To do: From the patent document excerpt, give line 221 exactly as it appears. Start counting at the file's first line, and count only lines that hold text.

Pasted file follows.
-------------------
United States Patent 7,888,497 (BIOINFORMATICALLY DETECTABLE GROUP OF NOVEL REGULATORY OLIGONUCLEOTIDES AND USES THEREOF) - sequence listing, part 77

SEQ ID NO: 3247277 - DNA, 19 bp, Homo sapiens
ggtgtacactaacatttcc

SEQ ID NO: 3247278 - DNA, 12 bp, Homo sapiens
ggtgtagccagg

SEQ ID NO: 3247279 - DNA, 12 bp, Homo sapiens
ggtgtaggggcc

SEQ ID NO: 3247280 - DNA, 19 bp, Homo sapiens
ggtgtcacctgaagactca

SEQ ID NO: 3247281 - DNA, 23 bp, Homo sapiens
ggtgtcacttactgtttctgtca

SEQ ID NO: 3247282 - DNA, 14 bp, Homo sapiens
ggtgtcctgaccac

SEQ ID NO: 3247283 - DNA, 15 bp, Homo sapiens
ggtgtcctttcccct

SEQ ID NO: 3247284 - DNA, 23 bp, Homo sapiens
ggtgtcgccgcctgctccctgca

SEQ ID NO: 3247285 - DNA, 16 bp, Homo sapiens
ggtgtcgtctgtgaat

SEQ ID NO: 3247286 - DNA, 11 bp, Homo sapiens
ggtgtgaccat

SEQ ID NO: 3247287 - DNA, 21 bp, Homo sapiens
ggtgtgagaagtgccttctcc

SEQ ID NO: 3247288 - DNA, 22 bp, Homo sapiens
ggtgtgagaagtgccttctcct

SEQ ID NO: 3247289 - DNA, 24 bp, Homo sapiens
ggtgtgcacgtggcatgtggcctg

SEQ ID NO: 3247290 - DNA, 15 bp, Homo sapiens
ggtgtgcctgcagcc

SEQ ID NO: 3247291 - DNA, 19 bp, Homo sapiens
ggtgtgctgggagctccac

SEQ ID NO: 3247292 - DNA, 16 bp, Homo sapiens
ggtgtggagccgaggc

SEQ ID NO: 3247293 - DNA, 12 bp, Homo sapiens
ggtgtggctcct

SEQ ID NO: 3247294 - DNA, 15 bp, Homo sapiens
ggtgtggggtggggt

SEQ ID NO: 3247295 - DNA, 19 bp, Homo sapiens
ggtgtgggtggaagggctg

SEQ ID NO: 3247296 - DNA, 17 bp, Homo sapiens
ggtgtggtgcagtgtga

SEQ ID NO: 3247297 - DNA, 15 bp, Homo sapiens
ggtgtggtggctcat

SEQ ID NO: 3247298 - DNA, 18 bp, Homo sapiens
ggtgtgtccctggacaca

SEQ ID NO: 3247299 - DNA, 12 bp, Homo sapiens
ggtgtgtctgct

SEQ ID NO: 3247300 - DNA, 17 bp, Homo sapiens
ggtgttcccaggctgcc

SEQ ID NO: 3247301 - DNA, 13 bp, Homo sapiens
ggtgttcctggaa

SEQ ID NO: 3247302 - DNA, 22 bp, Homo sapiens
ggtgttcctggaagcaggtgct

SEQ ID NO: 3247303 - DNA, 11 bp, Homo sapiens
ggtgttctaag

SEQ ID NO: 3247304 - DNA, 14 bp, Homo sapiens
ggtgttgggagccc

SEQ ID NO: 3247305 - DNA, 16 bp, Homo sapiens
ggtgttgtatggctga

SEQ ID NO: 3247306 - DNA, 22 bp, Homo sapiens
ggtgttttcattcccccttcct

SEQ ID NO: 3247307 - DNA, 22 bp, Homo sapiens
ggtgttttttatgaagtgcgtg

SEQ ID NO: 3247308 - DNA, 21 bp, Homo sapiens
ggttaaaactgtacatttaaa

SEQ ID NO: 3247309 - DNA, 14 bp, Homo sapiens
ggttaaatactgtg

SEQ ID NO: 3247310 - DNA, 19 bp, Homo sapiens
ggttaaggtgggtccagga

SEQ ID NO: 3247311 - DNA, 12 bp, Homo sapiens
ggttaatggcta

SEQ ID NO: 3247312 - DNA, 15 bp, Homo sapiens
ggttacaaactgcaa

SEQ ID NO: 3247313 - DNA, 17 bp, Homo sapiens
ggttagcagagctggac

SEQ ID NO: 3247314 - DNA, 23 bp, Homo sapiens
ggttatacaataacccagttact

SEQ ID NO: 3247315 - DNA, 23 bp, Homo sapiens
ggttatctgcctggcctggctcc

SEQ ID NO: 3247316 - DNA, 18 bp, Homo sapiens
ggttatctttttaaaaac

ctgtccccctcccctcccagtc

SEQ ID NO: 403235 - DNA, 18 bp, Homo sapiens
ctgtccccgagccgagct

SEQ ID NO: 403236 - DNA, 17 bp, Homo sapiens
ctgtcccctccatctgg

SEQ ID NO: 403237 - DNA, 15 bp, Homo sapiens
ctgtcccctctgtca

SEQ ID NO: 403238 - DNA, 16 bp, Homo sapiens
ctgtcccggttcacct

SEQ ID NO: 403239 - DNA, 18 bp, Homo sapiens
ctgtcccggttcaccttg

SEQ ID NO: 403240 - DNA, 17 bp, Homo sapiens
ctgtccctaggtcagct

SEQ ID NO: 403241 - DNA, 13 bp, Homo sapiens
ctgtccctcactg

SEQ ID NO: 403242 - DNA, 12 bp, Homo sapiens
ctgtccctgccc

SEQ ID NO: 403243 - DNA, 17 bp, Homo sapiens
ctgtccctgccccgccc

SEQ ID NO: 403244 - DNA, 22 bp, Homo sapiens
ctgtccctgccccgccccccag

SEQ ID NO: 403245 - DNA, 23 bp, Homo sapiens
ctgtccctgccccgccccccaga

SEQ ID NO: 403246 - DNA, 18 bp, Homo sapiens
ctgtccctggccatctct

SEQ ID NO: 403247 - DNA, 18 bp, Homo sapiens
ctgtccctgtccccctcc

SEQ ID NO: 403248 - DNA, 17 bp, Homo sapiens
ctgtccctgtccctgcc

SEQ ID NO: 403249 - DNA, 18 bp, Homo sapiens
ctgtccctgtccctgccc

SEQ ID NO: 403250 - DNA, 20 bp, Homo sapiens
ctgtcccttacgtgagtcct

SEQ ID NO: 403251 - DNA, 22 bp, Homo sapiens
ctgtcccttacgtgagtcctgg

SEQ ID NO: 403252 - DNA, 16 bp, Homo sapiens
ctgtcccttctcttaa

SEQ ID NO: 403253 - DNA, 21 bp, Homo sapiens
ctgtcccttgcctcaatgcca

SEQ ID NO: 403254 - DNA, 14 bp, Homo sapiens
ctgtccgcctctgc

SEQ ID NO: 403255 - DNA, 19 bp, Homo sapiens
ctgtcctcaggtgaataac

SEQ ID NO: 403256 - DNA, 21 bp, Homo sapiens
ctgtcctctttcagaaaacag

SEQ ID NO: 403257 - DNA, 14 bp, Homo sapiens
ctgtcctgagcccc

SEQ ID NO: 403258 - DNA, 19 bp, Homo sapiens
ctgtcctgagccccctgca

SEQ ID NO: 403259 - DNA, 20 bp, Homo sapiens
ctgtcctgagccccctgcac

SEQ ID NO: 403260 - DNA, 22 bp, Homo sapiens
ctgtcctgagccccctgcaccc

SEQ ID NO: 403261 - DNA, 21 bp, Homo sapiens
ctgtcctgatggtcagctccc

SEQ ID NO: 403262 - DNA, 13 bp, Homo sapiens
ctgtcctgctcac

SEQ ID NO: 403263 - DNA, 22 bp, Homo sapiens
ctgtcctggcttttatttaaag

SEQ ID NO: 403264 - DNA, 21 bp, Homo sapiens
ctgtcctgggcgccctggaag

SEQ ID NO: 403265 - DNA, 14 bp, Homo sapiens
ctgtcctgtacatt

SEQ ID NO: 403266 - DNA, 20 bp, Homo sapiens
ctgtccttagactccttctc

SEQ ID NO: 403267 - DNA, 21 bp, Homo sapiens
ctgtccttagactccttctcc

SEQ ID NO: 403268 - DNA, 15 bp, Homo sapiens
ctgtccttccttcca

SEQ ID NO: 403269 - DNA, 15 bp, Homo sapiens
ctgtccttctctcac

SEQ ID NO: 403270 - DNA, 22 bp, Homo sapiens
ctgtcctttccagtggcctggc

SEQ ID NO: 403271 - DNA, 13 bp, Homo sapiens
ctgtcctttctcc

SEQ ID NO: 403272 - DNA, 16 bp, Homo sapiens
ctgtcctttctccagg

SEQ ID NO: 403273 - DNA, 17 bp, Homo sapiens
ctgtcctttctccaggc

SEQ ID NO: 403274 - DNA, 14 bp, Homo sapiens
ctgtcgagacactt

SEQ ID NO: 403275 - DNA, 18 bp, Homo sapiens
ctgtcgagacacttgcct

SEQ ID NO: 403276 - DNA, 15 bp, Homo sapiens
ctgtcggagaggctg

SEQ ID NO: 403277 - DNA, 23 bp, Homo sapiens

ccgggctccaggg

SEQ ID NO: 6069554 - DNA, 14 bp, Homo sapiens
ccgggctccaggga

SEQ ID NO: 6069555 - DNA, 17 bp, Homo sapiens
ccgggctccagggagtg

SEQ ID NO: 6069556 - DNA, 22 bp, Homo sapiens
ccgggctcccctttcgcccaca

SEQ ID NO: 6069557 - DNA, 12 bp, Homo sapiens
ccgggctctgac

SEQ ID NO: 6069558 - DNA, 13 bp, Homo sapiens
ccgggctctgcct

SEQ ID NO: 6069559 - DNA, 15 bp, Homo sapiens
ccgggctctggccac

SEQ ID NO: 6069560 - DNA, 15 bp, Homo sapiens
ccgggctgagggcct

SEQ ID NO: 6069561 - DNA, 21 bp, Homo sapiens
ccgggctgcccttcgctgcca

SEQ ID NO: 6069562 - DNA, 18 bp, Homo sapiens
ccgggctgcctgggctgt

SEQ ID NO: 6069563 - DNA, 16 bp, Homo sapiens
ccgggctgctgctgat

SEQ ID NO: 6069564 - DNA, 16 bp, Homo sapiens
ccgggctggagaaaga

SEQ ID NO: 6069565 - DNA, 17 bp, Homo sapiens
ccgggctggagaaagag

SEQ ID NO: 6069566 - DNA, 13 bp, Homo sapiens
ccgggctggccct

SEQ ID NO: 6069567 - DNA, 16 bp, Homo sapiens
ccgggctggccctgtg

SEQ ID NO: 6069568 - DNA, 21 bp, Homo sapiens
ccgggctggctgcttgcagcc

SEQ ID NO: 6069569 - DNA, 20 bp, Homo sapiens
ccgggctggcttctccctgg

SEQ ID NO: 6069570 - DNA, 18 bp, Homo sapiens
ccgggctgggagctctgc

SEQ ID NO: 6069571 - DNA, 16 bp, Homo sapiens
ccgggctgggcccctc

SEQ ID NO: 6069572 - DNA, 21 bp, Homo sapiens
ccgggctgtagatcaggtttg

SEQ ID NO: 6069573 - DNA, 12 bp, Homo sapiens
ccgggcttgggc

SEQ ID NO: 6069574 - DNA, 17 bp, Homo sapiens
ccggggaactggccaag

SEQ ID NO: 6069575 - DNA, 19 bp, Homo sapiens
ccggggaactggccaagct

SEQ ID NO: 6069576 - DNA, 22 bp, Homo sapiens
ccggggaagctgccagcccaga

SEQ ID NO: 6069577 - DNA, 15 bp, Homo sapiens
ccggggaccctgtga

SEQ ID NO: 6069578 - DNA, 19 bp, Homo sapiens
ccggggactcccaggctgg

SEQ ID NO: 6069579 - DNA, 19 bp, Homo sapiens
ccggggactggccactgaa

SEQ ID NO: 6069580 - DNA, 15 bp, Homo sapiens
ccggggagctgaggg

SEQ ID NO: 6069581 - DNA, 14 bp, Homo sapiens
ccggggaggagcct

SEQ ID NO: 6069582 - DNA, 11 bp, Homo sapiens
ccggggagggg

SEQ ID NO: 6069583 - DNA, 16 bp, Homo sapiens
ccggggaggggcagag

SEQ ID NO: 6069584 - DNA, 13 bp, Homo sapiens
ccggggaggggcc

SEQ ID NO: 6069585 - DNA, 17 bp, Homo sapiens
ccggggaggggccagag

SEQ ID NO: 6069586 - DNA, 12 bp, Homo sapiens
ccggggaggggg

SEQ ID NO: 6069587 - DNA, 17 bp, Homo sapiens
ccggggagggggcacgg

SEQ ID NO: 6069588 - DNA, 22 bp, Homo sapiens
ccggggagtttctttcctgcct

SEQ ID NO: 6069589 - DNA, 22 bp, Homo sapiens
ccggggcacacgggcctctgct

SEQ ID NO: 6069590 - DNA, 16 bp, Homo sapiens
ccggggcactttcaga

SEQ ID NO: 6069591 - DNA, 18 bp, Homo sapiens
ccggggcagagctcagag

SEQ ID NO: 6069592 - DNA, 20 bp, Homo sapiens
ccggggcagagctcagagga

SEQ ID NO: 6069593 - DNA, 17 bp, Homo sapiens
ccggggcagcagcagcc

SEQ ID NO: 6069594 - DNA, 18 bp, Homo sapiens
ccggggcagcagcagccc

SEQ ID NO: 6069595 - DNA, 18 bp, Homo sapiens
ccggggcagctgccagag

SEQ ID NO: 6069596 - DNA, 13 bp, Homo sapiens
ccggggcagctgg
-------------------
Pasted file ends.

SEQ ID NO: 6069580 - DNA, 15 bp, Homo sapiens